ALBANY — The removal of a feral cat colony in Brooklyn has sparked outrage among the animals’ caretakers and calls for new legislation to protect strays.
“I am completely distraught and heartbroken,” said Mariana Nuziale, who has leased a studio in Industry City since 2012 and has cared for several of the cats that took up residence in and around the Sunset Park complex.
“I have grown very attached to them,” Nuziale, 45, said. “They have become our companions.”
Nuziale and others who cared for the Industry City cats said they were stunned when, earlier this month, an exterminator hired by the complex’s owners trapped and removed more than a dozen of the cats they’ve cared for over the years.
“My heart is wrenched out of my chest,” said Jennifer Petito, 32, a security guard at Industry City who also cared for the cats. “They were a part of me.”
Their anguish further increased when — after days of pressing Industry City officials for more information — they learned that the exterminator, Brooklyn-based Squash Exterminating, had reported dumping the cats in spots near Leif Ericson Park and Gerritsen Beach.
“The way they disposed of the cats was illegal,” said Kathleen O’Malley, of the NYC Feral Cat Initiative, a program of the Mayor’s Alliance for NYC Animals.
“They should have brought the cats to a shelter,” O’Malley said, adding that the incident is under investigation by the NYPD’s Animal Cruelty Investigation Squad.
A woman who answered the telephone at Squash Exterminating refused to talk to a reporter from the Daily News, saying “I’m not talking to you, goodbye.”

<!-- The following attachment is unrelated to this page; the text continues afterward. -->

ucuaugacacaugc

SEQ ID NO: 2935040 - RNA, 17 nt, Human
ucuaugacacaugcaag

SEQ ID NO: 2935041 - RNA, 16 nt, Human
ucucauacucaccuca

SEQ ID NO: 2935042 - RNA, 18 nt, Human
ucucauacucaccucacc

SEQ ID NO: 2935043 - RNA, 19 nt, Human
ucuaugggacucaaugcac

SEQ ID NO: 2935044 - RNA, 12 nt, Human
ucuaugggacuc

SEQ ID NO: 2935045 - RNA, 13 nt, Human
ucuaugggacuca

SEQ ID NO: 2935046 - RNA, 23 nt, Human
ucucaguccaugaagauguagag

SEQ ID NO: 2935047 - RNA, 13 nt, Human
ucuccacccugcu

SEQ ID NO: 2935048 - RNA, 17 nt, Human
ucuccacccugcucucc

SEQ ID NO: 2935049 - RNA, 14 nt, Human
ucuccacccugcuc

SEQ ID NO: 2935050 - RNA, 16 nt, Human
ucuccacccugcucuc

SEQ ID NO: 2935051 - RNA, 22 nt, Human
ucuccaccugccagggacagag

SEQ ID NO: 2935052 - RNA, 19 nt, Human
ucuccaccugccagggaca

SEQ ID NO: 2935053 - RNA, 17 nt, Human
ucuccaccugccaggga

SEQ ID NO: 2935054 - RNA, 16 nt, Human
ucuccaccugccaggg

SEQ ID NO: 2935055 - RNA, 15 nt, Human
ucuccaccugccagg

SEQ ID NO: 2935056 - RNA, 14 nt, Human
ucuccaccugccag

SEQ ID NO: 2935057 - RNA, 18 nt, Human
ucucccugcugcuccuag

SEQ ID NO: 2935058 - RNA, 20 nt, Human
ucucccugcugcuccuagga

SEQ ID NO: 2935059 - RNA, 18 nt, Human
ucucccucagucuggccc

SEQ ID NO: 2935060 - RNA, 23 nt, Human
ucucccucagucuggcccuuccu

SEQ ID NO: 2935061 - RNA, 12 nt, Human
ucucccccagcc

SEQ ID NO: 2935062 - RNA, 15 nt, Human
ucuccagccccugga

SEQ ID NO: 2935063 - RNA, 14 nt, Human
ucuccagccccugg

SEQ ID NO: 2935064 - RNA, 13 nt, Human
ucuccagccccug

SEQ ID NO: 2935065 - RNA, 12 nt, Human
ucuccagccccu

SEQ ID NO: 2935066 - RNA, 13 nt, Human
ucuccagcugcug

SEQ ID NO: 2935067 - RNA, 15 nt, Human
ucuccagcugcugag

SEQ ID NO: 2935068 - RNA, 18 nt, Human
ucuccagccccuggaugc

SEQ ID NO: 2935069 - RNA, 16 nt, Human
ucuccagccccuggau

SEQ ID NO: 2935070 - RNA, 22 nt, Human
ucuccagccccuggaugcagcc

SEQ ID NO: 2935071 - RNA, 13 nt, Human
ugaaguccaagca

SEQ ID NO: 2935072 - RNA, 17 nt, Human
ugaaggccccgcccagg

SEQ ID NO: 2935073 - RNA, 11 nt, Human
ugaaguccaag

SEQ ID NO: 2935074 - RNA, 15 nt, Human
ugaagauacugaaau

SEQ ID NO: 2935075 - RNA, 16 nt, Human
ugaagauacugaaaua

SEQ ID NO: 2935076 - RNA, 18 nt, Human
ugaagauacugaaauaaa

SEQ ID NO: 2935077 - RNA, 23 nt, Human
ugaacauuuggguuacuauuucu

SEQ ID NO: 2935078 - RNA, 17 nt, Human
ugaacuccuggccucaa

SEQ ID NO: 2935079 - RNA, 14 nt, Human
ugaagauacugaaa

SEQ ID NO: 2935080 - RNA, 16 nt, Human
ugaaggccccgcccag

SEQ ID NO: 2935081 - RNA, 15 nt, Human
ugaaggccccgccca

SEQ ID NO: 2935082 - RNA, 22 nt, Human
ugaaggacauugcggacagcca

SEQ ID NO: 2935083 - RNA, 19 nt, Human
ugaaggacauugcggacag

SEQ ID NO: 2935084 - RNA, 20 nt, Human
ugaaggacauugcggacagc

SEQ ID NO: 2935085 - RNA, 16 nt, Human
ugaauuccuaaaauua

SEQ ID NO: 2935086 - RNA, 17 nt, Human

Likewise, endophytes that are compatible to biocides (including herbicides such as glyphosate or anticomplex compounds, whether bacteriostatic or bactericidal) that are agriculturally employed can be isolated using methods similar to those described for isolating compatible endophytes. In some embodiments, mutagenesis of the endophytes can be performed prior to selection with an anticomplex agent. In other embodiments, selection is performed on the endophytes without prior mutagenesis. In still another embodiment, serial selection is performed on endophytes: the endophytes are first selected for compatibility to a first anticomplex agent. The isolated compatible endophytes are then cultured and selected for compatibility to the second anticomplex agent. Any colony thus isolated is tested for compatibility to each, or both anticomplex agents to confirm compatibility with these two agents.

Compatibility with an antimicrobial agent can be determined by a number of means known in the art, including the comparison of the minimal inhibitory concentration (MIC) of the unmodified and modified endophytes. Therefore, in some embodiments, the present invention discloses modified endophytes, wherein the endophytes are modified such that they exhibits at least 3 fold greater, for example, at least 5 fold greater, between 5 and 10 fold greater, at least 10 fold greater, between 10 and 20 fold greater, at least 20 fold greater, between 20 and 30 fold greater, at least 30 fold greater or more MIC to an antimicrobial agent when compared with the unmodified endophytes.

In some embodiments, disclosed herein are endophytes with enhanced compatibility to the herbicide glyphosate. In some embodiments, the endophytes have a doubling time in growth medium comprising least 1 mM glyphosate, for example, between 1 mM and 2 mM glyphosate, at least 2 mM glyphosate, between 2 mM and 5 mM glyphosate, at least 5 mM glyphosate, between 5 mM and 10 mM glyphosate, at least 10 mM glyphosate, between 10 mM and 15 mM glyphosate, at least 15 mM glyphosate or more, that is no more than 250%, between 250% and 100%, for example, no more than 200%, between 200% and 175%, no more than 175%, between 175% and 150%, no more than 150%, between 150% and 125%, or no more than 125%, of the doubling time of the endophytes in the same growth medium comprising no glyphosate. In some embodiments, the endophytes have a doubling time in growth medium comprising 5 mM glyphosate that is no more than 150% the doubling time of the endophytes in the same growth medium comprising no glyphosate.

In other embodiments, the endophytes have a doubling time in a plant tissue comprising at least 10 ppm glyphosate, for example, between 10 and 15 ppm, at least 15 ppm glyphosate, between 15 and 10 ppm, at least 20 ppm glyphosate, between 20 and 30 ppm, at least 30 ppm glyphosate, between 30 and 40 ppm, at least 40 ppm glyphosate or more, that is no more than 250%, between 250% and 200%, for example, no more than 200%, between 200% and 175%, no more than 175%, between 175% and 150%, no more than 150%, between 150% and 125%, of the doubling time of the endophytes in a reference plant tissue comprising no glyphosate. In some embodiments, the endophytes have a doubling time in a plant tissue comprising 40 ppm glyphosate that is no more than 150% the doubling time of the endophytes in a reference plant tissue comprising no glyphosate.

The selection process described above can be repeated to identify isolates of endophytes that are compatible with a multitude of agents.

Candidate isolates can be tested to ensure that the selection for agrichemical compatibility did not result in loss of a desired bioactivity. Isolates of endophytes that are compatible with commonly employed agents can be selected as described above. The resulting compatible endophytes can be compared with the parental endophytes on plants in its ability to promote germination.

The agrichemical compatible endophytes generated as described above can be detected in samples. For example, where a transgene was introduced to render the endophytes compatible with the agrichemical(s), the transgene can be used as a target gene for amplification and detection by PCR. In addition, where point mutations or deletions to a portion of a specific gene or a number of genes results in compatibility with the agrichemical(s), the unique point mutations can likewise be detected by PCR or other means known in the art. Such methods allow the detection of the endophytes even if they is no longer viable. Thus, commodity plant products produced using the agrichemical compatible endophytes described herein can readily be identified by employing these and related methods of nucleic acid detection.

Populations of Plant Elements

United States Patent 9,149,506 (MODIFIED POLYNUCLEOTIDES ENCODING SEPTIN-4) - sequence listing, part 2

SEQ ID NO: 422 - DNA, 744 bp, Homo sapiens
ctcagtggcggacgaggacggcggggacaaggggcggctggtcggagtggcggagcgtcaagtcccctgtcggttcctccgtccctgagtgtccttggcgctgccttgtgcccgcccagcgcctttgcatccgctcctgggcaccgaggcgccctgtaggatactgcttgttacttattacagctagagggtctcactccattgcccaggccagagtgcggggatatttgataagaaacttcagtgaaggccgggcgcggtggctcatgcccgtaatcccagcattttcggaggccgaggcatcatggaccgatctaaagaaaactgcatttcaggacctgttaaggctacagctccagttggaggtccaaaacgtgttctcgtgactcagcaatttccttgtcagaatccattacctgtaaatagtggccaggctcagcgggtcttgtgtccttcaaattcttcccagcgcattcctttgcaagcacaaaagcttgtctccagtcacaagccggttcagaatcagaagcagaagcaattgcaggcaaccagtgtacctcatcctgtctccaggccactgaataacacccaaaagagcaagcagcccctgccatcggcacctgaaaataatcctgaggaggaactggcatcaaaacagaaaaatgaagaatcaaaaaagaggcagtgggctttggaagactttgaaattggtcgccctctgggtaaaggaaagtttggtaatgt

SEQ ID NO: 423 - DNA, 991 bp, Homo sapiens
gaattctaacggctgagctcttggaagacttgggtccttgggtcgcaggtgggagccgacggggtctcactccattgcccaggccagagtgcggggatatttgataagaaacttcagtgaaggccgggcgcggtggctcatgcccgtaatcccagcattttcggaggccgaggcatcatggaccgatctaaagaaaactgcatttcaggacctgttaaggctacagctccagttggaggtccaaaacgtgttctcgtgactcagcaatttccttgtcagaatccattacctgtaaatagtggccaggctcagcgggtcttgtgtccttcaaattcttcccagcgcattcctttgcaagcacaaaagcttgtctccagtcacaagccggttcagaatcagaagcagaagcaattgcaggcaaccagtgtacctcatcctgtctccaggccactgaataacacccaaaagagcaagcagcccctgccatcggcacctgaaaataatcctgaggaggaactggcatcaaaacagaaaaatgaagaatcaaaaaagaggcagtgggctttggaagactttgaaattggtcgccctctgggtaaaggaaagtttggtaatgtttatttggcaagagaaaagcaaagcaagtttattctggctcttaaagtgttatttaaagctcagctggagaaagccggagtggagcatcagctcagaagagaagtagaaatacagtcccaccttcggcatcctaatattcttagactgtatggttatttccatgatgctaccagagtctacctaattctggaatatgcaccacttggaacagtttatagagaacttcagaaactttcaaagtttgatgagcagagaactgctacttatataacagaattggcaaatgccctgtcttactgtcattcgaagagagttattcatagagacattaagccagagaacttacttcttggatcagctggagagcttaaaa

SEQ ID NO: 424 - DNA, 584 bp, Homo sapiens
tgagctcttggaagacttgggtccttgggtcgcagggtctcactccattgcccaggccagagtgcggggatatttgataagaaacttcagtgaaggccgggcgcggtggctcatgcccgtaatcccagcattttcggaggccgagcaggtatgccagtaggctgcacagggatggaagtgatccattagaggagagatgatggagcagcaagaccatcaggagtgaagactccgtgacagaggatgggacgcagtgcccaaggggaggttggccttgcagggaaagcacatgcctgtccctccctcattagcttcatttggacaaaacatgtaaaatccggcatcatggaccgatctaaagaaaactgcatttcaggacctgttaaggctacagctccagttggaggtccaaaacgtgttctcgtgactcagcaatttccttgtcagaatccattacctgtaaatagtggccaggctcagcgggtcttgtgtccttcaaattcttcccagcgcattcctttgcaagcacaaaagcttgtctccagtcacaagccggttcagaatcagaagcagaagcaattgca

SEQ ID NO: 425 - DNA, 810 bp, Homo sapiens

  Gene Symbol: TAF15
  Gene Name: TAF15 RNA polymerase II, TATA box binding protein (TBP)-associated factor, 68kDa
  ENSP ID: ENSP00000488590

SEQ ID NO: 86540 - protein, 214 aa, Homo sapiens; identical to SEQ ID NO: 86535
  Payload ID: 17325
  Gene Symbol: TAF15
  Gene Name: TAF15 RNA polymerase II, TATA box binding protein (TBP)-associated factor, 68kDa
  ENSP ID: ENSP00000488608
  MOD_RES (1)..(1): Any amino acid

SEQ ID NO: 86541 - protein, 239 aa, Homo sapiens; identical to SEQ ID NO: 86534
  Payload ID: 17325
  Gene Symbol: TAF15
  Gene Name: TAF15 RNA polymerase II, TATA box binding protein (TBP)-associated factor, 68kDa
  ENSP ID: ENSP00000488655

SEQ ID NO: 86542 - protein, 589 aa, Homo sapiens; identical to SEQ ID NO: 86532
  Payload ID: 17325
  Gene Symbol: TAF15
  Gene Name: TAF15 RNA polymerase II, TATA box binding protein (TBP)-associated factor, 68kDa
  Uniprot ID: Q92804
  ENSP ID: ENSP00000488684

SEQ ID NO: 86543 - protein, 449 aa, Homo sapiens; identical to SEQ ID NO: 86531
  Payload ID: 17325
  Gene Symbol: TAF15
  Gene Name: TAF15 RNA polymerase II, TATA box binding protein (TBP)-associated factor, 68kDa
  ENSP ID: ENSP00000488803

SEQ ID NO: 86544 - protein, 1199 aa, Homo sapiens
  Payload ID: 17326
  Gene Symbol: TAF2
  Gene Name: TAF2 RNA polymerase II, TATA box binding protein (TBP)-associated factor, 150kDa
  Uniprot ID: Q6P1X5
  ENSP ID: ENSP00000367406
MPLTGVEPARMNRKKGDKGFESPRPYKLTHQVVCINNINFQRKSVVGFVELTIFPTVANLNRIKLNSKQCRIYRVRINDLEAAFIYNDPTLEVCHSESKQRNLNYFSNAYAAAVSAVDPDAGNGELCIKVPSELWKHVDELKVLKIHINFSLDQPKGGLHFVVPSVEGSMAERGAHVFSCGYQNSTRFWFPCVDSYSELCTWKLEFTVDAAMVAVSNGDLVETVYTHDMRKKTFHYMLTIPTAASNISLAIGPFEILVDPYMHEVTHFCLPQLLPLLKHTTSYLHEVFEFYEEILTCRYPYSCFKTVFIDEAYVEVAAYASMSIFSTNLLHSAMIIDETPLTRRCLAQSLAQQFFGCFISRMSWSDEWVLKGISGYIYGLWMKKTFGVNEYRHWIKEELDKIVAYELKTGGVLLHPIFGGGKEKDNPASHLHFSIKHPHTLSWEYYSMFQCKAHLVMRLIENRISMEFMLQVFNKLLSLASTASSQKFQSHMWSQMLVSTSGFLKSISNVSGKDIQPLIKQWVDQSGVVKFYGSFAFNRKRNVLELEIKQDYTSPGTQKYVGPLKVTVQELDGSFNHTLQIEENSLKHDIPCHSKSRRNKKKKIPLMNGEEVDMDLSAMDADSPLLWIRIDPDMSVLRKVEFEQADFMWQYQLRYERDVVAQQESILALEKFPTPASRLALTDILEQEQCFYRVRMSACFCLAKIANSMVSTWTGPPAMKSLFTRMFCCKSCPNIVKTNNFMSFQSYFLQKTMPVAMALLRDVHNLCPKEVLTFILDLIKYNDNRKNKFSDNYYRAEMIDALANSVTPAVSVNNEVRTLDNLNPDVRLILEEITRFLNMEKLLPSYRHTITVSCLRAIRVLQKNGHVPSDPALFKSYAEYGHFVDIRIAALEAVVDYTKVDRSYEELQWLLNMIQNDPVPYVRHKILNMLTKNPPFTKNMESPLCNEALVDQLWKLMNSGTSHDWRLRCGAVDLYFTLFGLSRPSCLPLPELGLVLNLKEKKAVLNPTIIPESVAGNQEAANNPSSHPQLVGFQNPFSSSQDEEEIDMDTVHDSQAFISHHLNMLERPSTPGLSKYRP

In a statement, Industry City CEO Andrew Kimball apologized for the matter and said they were trying to find the cats.
“We apologize for any unintended harm that was done to the feral cat community, and have terminated the contract with the service provider that did not follow established protocols and practices,” Kimball said. “We are working with animal advocacy organizations and care providers to ensure the well-being of the cats. We expect that an appropriate remedy will be in place soon.”
Assemblywoman Linda Rosenthal (D-Manhattan), who met with Industry City officials and a group of tenants on Friday, said she plans to introduce legislation that will require building owners to notify any caretakers of feral cats about plans to remove them. It will also increase penalties on exterminators who either kill or dump animals illegally.
“To the people who take care of them and visit them, they are not just stray cats,” Rosenthal said. “They are part of their lives.”
Because feral cats are considered impossible to adopt, O’Malley said her organization encourages property owners and caretakers to neuter them and manage their food supply in the hopes of controlling the population and gradually reducing their numbers.
“Removing cats doesn’t work, especially in New York City,” she said. “New cats will just move in.”